Once per month, the Jets pull themselves together for a stunning upset or a competent victory over a fellow bottom-feeder. But it's impossible to tell when those performance spikes are coming.
Coaching Situation: In a season full of self-inflicted coaching scandals in Jacksonville and Las Vegas, Robert Saleh and his staff have mostly avoided any embarrassing own-goals. Still, there have been some puzzling situations: the Jets defense failing to prepare for Minshew during a week of Jalen Hurts injury murmurs, the unvaccinated Joe Flacco trade (a Joe Douglas move which received Saleh's approval), and poor message management during the brief Zach Wilson/Mike White controversy.
Saleh's biggest problem, however, remains the fact that the Jets have fielded an NFL Europe-caliber roster all season.
Quarterback Situation: Wilson has been mostly miserable. A weak supporting cast and the fact that the Jets are always playing from behind contribute to the problem, but Wilson bounced a routine pass into the flat against the Saints last week, and previous games have been filled with other troubling throws. Wilson appears to get worse in garbage time, which could be a discouraging sign that he's not figuring out how to find and deliver the easy throws that soft late-game defenses offer him.
Building Blocks: There is not a single blue-chip prospect on the active roster right now. Wilson hasn't earned that label yet. Tackle Mekhi Becton and edge-rusher Carl Lawson have been injured all season. The best young players on the field right now, such as guard Alijah Vera-Tucker and edge rusher John Franklin-Myers, are more like nice little complementary pieces than true cornerstones.
The Jets have nothing to show from their 2018 to 2020 drafts except Becton and Quinnen Williams. They're going into battle with a roster full of recent late-round picks and second-tier free agents. The results have been predictable.
Future Assets: Finally, some good news! The Jets possess two first-round picks thanks to the Jamal Adams trade and two second-round picks thanks to the Sam Darnold trade.
The Jets also possess $49 million in on-paper 2022 cap space. Safety Marcus Maye is their biggest-name in-house free agent, and they are likely to let him walk. The Jets can afford to keep some useful veterans such as C.J. Mosley around for another year and can re-sign veterans such as Jamison Crowder and Morgan Moses if they want to keep the offense spackled together.
Rebuilding Plan: Hit on those early draft picks, naturally. Some combination of edge rusher, cornerback, offensive line reinforcement, and tight end would be a fine haul for what should be four picks among the first 50. After watching Ty Johnson drop multiple swing passes on Sunday, a Day 2 running back would also be swell. That cap space is best spent in-house or used on one-year deals for competent veterans to plug gaping roster holes. The Jets should aim realistically for a bottom-of-the-playoff-chase 2022 season that they can use as a springboard toward 2023.
Dangling Mike White in front of some quarterback-needy team in exchange for a late-round pick would also be wise, because New York is New York, and the Jets won't be doing Wilson any favors by letting White act like a hero in the second halves of 2022 preseason games.
Final Prognosis: Once again, the Jets are waiting for next year's draft, and they need precision-tuned instruments to identify any flickers of quarterback development or coaching optimism. But things aren't as hopeless as they can appear when Taysom Hill is scampering through the defense for long touchdowns. Becton and Vera-Tucker could soon anchor a trustworthy offensive line. Lawson, Franklin-Williams and a newcomer could create a formidable pass rush. Corey Davis, Elijah Moore, a returnee such as Crowder, and some 2022 draftees could be the nucleus of a fun-to-watch offense that allows Wilson to succeed as a ball-distributor once the Jets aren't facing opponents bigger, faster, and more experienced than they are at nearly every position.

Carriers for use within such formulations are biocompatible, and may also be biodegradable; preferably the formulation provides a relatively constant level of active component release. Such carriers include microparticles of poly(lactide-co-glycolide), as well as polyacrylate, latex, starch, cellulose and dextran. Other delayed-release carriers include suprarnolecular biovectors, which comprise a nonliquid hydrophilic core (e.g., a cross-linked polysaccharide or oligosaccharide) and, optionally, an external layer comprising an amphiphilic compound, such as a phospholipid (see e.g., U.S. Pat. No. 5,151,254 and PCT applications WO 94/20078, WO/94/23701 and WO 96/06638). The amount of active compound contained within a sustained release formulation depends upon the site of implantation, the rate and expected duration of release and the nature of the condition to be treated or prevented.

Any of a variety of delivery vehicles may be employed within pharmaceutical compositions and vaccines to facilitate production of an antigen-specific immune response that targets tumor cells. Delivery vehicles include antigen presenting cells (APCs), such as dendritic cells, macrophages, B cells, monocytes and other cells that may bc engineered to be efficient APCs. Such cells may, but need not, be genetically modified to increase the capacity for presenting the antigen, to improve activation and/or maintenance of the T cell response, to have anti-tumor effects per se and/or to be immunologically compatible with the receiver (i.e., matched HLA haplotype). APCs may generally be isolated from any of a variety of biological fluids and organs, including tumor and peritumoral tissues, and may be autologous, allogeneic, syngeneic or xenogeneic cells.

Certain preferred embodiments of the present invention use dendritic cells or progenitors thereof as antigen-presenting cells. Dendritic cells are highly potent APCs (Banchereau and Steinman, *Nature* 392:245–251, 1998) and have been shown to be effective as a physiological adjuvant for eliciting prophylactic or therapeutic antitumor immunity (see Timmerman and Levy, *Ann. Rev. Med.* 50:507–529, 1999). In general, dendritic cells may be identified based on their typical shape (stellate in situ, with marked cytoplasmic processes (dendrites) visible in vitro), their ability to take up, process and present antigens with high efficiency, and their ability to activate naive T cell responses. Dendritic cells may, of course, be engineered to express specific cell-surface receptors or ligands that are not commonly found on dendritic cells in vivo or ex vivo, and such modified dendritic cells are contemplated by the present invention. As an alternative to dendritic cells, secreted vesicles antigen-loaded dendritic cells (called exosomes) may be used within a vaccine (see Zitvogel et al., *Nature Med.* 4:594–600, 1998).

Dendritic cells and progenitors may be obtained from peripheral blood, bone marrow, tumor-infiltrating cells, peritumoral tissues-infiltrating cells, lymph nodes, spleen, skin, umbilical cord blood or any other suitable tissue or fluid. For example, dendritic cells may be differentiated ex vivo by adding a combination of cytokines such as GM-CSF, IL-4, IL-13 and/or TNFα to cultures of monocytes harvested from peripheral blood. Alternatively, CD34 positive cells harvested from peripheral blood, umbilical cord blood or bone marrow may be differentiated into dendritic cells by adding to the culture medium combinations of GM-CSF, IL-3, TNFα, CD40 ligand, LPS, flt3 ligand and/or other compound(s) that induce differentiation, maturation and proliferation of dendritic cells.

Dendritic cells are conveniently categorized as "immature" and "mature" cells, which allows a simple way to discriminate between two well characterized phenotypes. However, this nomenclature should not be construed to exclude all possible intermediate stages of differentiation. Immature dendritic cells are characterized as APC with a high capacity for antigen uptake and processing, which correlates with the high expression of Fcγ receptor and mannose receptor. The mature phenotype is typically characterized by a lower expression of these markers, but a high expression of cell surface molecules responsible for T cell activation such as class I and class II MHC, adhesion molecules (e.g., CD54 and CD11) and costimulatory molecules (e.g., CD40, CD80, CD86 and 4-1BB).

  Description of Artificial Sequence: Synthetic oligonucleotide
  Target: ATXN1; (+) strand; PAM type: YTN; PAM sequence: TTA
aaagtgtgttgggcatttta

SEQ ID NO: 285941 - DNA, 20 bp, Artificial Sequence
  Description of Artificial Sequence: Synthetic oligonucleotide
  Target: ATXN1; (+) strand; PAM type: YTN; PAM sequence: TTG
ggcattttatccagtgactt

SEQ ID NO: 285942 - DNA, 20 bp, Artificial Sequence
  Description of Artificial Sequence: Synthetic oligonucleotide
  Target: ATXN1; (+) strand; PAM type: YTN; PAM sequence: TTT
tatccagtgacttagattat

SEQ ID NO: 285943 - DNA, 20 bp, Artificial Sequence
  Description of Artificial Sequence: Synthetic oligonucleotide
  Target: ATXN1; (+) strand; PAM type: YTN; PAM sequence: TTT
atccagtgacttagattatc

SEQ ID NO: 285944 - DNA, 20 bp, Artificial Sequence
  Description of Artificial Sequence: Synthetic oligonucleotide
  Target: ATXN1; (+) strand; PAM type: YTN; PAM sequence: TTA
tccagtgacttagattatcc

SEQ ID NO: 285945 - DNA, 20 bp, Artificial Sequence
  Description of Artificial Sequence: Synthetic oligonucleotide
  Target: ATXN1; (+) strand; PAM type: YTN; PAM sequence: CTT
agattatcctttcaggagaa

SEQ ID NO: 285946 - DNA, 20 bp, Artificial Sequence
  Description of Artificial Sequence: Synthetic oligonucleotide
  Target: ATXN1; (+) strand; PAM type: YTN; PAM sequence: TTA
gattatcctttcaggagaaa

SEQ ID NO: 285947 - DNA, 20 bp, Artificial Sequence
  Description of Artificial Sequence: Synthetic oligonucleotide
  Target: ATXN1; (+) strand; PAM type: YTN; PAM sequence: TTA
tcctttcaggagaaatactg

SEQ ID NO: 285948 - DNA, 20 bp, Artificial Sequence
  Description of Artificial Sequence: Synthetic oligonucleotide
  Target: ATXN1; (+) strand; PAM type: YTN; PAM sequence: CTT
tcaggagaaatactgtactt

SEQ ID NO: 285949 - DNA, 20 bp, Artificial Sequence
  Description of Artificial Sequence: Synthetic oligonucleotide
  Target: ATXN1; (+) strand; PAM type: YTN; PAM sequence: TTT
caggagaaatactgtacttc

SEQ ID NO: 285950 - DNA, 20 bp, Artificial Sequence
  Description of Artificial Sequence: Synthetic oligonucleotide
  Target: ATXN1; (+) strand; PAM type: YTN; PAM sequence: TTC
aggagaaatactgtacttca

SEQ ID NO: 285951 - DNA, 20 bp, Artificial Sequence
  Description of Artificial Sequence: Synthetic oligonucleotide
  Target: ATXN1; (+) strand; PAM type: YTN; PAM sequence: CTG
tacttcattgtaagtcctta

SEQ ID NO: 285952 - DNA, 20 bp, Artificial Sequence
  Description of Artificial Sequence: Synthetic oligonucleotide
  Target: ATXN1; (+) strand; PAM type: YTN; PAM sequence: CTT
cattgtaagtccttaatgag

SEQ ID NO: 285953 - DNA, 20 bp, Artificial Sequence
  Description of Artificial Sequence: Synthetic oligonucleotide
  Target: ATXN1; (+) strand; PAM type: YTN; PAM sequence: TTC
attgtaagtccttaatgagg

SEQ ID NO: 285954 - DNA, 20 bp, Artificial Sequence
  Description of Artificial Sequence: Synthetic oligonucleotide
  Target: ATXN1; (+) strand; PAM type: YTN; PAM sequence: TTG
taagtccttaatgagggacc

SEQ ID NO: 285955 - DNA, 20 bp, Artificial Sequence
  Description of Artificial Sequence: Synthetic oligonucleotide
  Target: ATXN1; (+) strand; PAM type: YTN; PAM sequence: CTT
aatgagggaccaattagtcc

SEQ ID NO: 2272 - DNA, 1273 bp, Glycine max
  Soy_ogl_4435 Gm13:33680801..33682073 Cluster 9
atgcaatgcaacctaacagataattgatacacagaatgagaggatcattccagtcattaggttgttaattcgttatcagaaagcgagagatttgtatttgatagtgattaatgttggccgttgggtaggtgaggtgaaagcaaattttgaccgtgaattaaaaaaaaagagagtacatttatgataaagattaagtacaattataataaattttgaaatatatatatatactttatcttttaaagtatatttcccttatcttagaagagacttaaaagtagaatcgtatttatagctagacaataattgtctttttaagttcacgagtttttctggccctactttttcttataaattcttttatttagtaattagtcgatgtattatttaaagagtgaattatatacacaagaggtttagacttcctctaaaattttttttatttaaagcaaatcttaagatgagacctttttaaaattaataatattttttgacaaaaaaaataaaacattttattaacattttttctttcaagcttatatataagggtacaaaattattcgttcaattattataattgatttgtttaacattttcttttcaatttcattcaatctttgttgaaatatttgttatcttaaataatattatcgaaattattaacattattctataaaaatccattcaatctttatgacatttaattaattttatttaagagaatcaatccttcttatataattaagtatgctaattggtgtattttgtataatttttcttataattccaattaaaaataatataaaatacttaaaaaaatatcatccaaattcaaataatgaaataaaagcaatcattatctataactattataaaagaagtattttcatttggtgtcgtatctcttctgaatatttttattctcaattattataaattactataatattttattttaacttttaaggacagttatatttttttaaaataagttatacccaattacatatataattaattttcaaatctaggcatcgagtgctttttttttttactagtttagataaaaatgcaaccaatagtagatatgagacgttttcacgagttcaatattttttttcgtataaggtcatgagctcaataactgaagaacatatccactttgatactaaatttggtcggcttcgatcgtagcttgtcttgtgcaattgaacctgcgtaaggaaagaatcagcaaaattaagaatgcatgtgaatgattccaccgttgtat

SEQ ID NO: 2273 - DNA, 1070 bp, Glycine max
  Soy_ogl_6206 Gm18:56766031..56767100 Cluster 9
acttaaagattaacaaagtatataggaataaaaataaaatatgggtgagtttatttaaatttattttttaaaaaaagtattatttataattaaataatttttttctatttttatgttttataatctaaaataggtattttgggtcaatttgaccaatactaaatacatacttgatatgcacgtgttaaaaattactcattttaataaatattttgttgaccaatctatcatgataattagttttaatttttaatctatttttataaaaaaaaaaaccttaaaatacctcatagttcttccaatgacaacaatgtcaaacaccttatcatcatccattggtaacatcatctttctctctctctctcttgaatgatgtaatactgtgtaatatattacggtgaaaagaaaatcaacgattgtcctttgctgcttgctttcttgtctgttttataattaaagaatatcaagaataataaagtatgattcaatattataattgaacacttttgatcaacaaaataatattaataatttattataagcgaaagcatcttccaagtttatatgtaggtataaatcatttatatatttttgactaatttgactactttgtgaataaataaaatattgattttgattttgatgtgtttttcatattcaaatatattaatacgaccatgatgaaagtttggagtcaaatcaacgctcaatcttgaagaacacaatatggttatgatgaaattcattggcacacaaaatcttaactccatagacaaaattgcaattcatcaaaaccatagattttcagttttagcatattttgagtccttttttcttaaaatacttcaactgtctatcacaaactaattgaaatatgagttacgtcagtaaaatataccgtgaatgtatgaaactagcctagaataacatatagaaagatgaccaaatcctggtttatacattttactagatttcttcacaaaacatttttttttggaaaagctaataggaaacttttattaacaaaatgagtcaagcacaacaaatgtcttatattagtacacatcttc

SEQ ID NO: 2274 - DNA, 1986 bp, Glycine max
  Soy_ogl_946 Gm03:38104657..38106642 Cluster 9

The Jets are no worse off than they usually are. For an organization rebuilding after an Adam Gase administration, that's progress.
TebowMania Ten Years After: Reality Bites
This installment of TebowMania Ten Years After is dedicated to the memory of Demaryius Thomas, who passed away at age 33 on December 9.
Many truly memorable superhero story arcs end with the villains joining forces with the heroes to stop a greater threat. The seminal Justice League Unlimited cartoon series of the early 2000s, for example, ended with Lex Luthor joining forces with Batman, Superman, and company so (spoilers) he could swindle Darkseid into leaving the galaxy instead of enslaving Earth.
And lo, there came a day when the football world's only hope of stopping TebowMania rested with Walkthrough's mightiest antagonists: Tom Brady and Bill Belichick.
If you remember the 41-23 Week 15 Patriots victory over the Broncos in 2011 as a devastating indictment of all things Tim Tebow, you have probably conflated this game in your memory with the Patriots' playoff victory over the Broncos a few weeks later. Let's not get too far ahead of ourselves. Tebow played moderately well in this game—11-of-22 passing for 194 yards, 12-93-2 with one fumble lost rushing—and these excerpts from Audibles indicate that the game felt competitive until the fourth quarter.
Aaron Schatz: The Patriots just look horrible early on defense. Just awful. Can't tackle. Can't get off blocks. The Broncos are running all over them. Tim Tebow has also hit a couple of good passes on totally open receivers.